You trust your your doctors, your lawyers or surgeon. You don’t have a question any of the recommendations, but each one of them will ask you a few questions and then give you a course of you know a way to go basically with digital. The problem is that every everybody thinks they can do it. Everybody thinks they can write copy. Everybody thinks that they’ve got an opinion and design, and so, instead of just coming out of the end saying we can take you on it’s going to cost X and you know work with us the better ways to say hey.
I don’t know if we can help you or not, but if we did a discovery where we diagnose what the gaps are, we have an idea where you want to go where you are and let’s figure out, what’s the blocker, you know the the things that are Roadblocks in the middle, then we come up with the right strategy and roadmap and then from there we help you execute it. Does that make sense and for most people who are rational, logical layer like that makes complete sense.
I wish somebody would actually spend the time to articulate what the problem actually is, rather than guessing or feeling their way through a problem wasting a bunch of time and then saying oh yeah, I didn’t work six months later, except now I’ve been paid, and you know The clients pissed off, which is the majority of incoming clients, that we we’re seeing had that frustration being loved another agency.
They left another agency. We were very rarely where we, the first agency, that anybody worked with. They had done a different budget for things. They’D work with individuals, consultants or freelancers they’d hire other agencies and then the beginning. I don’t blame them, it’s not their fault because they just simply know one thing, which is what it costs. What the you know, the monetary funding basically is required.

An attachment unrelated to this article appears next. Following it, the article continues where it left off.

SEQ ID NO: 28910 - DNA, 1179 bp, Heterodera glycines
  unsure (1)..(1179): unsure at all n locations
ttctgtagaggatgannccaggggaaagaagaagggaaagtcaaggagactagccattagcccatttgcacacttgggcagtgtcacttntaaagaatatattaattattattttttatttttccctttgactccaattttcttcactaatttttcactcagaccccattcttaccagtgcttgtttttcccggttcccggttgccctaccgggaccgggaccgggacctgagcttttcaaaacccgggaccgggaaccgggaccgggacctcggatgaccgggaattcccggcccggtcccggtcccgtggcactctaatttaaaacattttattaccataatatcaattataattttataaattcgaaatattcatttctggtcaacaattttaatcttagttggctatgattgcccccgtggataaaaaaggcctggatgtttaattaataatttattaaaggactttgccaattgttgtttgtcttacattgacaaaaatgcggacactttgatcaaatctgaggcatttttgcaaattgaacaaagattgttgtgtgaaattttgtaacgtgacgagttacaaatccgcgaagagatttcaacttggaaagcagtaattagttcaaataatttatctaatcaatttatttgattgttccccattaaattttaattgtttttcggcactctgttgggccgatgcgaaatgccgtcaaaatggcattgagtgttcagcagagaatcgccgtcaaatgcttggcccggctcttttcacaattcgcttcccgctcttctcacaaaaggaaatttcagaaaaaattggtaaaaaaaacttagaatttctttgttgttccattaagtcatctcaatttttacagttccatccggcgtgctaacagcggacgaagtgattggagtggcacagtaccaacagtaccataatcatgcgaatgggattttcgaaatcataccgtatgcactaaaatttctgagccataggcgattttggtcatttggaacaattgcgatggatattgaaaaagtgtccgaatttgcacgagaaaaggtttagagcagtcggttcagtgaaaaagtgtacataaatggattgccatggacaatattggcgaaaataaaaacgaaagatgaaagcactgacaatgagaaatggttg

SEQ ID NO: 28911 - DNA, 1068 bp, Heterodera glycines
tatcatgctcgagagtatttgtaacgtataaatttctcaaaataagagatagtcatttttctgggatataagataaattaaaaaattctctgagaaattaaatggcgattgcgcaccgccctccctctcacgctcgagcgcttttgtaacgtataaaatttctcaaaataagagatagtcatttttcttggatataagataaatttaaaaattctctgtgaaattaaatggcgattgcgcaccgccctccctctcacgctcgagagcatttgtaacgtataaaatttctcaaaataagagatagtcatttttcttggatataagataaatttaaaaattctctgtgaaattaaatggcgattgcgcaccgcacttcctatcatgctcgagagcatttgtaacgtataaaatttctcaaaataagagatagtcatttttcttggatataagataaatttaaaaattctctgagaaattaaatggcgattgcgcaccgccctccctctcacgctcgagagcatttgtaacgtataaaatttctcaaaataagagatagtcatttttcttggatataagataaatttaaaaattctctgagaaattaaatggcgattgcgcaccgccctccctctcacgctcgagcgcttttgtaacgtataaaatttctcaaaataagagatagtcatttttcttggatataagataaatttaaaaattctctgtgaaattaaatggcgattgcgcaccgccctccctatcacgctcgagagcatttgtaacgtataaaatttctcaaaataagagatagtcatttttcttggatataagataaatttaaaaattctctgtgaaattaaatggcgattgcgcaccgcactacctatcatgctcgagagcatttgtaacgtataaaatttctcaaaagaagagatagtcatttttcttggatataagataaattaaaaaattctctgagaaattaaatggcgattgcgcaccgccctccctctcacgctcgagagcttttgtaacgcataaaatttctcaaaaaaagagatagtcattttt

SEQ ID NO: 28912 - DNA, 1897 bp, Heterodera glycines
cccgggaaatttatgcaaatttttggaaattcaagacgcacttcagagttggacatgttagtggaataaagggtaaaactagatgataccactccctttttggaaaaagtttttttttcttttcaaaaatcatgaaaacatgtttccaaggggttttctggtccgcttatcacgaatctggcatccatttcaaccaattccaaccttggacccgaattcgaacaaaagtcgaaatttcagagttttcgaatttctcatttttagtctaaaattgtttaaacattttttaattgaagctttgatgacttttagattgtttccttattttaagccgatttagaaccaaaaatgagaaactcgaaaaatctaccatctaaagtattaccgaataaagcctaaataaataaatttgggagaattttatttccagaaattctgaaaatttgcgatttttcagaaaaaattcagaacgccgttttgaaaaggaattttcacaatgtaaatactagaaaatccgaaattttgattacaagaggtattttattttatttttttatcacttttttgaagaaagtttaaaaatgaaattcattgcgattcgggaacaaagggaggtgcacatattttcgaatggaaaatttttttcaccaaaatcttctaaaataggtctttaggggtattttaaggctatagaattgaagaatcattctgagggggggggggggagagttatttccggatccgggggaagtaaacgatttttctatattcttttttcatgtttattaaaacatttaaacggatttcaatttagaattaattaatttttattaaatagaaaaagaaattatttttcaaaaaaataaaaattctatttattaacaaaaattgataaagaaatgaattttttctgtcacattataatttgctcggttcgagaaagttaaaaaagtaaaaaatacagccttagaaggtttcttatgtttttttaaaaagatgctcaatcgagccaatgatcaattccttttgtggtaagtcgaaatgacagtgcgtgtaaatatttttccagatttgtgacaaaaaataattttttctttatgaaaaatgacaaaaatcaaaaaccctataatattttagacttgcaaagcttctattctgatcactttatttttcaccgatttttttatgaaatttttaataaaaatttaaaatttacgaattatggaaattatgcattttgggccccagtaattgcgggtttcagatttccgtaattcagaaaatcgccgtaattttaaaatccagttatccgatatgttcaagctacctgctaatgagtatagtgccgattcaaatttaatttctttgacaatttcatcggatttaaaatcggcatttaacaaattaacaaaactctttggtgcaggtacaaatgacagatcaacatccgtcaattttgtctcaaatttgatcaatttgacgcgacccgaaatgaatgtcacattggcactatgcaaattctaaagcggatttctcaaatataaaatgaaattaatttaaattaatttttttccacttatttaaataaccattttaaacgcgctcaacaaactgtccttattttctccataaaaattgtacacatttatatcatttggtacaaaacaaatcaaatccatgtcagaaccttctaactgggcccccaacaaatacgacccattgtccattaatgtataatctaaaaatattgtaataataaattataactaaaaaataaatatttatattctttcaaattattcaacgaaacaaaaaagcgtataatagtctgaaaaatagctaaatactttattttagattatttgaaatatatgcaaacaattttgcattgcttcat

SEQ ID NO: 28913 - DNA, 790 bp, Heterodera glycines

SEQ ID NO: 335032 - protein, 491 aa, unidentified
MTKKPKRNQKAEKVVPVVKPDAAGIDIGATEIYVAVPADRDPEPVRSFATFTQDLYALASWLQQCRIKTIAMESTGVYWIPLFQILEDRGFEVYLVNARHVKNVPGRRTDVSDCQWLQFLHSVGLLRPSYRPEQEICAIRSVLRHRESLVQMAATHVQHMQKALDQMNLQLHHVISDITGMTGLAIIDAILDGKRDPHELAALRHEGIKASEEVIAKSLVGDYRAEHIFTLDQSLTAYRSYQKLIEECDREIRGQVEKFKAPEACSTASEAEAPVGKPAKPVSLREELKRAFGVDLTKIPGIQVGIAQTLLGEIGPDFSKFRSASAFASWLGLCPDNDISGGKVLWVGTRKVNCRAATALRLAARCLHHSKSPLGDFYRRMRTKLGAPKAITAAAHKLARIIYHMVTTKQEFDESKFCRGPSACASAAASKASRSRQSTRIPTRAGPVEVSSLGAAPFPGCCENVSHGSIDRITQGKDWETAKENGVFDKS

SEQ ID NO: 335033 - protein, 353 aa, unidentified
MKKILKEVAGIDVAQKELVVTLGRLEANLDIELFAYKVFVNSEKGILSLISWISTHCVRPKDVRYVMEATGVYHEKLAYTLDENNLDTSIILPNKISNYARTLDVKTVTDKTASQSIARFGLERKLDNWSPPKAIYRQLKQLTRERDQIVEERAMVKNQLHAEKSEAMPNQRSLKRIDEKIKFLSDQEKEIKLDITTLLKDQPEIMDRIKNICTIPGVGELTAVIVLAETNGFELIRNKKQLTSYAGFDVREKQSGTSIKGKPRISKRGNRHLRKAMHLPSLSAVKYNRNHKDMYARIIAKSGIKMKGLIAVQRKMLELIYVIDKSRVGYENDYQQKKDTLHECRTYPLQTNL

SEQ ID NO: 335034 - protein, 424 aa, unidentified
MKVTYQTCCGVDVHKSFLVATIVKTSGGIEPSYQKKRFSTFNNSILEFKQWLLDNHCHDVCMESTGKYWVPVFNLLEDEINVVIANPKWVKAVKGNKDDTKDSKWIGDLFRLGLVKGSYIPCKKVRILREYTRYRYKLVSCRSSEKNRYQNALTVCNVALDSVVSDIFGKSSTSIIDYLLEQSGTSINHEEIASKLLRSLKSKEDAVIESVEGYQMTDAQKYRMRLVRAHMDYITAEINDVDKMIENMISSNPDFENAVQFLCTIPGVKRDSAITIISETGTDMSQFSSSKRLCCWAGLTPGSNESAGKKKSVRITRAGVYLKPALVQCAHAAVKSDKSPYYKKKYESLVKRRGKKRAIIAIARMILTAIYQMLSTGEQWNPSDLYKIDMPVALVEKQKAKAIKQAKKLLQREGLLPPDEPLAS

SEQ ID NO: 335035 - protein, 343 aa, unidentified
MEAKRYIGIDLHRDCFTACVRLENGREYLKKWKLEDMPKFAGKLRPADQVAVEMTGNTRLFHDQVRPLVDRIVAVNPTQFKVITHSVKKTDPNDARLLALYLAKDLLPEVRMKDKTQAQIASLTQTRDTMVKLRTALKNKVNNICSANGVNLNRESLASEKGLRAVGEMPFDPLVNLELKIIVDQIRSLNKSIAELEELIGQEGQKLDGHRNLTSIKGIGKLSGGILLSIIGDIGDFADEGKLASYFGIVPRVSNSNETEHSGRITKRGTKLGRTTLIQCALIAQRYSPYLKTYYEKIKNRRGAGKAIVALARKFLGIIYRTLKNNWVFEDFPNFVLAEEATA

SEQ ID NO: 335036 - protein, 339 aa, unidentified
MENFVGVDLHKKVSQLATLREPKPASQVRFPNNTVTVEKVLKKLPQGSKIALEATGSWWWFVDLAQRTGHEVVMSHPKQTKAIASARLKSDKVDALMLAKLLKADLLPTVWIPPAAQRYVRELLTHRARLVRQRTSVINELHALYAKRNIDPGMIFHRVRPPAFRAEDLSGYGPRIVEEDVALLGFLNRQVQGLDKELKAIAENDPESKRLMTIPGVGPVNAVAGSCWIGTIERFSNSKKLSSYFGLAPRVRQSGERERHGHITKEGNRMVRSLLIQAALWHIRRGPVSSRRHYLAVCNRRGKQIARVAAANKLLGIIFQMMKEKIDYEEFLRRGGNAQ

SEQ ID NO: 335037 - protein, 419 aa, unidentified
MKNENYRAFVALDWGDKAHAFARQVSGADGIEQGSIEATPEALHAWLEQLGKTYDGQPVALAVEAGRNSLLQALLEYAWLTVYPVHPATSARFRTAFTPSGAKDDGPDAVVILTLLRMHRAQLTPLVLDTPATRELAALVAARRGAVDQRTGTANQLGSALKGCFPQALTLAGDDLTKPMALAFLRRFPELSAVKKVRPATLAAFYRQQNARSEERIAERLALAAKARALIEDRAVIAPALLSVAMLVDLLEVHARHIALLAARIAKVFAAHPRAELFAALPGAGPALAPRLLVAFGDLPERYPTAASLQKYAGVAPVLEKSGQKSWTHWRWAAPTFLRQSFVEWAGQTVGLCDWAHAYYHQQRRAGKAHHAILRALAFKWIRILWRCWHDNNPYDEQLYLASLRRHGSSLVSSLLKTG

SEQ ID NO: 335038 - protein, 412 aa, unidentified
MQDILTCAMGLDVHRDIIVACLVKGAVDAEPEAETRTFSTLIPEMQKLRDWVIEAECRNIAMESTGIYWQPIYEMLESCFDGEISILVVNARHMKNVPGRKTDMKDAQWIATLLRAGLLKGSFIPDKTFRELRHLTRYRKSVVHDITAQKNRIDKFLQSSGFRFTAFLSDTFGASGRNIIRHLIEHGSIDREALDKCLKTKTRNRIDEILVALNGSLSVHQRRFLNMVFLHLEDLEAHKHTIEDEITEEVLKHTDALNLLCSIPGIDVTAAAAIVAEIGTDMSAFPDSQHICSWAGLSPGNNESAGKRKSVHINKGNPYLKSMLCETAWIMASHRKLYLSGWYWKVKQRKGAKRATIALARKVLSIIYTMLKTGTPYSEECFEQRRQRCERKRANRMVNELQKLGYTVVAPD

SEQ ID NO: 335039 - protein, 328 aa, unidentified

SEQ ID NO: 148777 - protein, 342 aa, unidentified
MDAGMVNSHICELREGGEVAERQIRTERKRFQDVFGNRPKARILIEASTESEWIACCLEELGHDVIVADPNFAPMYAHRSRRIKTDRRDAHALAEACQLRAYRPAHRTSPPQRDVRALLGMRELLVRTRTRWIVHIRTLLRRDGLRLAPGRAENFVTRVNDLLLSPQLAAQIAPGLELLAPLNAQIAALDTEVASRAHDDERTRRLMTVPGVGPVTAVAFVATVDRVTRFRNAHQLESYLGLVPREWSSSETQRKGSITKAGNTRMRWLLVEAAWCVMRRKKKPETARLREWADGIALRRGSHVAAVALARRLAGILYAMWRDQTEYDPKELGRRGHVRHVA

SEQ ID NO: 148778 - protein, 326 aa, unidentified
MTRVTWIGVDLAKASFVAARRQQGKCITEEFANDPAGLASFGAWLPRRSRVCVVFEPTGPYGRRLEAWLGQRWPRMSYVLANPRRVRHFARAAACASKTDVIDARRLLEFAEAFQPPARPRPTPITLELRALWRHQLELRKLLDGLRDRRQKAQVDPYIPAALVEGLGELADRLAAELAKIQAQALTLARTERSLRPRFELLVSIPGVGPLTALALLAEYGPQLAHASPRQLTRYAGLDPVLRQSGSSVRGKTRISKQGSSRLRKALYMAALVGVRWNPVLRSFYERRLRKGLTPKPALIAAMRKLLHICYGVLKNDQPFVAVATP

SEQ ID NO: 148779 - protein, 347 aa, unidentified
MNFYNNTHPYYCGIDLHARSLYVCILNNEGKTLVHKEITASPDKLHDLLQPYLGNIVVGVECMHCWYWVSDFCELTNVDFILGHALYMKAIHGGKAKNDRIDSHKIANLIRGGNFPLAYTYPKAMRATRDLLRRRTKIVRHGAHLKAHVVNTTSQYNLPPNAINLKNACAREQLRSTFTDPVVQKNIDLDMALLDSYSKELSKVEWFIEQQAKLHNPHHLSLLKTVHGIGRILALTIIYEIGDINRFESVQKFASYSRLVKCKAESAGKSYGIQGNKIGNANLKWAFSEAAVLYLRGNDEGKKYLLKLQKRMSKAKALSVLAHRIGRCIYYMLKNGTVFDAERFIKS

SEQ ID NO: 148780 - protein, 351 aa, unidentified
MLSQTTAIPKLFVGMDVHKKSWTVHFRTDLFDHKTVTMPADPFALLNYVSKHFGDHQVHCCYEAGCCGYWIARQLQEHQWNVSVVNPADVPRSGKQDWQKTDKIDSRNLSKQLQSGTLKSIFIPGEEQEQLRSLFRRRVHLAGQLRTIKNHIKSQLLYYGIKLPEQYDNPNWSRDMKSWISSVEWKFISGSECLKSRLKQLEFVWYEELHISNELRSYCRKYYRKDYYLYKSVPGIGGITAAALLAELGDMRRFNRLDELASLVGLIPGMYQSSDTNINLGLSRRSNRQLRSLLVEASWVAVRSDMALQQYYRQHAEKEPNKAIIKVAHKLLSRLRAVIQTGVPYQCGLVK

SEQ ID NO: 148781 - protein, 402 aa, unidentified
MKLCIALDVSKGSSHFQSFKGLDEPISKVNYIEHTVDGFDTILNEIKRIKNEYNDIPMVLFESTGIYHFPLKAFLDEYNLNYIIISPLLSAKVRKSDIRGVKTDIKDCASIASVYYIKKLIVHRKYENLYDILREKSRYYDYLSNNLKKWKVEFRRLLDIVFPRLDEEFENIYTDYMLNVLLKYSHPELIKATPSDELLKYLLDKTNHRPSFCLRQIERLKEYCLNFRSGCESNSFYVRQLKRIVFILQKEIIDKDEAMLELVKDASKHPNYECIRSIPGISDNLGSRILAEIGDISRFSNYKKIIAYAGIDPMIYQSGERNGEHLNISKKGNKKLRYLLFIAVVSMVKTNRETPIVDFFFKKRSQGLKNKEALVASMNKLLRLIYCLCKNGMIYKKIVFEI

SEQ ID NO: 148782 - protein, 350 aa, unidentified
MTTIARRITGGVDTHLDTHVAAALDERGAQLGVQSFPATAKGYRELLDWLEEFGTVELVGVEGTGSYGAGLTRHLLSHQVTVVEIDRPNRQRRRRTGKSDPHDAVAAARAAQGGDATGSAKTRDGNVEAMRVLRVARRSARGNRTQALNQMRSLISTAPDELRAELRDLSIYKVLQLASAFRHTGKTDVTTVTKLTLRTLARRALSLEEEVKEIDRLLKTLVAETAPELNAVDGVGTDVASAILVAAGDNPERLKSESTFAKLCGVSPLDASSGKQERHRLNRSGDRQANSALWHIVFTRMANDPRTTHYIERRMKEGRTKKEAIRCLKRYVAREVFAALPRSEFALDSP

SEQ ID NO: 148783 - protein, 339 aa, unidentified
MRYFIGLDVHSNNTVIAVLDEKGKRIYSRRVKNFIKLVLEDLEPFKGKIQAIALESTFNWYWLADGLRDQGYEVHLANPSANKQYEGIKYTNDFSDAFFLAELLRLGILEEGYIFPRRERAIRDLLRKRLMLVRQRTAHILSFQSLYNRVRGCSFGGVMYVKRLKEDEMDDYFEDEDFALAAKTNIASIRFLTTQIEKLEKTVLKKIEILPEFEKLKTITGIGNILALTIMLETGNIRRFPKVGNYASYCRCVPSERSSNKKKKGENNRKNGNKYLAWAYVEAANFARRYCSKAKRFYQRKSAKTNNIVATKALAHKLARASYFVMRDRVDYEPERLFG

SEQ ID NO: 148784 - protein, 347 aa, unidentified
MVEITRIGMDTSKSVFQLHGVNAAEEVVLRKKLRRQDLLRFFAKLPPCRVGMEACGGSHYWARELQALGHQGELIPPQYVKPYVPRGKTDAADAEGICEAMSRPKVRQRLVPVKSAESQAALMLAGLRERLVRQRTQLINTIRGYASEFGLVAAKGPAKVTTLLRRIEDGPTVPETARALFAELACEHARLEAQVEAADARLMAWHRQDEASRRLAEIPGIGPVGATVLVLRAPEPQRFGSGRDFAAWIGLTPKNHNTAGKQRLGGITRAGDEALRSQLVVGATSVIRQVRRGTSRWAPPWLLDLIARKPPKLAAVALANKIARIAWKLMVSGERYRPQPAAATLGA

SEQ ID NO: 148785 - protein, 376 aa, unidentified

They don’t know how to tell good from bad, and so they go through a couple of experiences which lead them. You know, leave them underwhelmed and then they go. I think I need someone better, because that tier of investment didn’t get me a bespoke or tailored solution. I got a cheap solution instead and so that’s kind of like this philosophy of you. You know you either are very you’re a premium or you give away your best ideas for free, but nothing in the middle.
Basically, so would you say the the pain point started happening in the company, we’re like like now what oh yeah so cuz right now, like you’re growing you’re, doubling here by a year? So that’s you know, compound growth when, in that process like what year was like yeah like things are going to I’m going to say falling apart, but things are kind of hectic they’re hectic yeah. I think that came around year three for sure.
I realized that we were having a hub-and-spoke model where we didn’t have any systems we didn’t document anything we were flying by the seat of our pants yeah. Of course man. I know it’s, it’s really just getting a bunch of smart people together and hoping and praying that big things just work sure. So we didn’t have. We had no one-on-ones, we didn’t have a weekly stand-up structure, we didn’t have properly track goals, we didn’t have objectives and key results.
It was literally just do what you feel is best for the client in their best interest, and so that was a dart core kind of thing was, you know we have a fiduciary duty to win, for our clients do what it takes to make that happen right, But when you start scaling your company and you get to the point where you’re anywhere above 10 people things start to fall apart, and it’s just a there’s, a simple equation for the nodes of communication.
Uh-Huh developers would know this very easily. It’S actually one of the first things in the early days, LinkedIn used to test engineers. With this question saying you know, LinkedIn’s got this one-to-one and then in a second degree, third degree, fourth degree and it starts becoming geometric right. The number of nodes of connection, so can you calculate what the most efficient way to get to people who are not connected with each other and three degrees apart to talk to each other? So I saw that, and I said okay.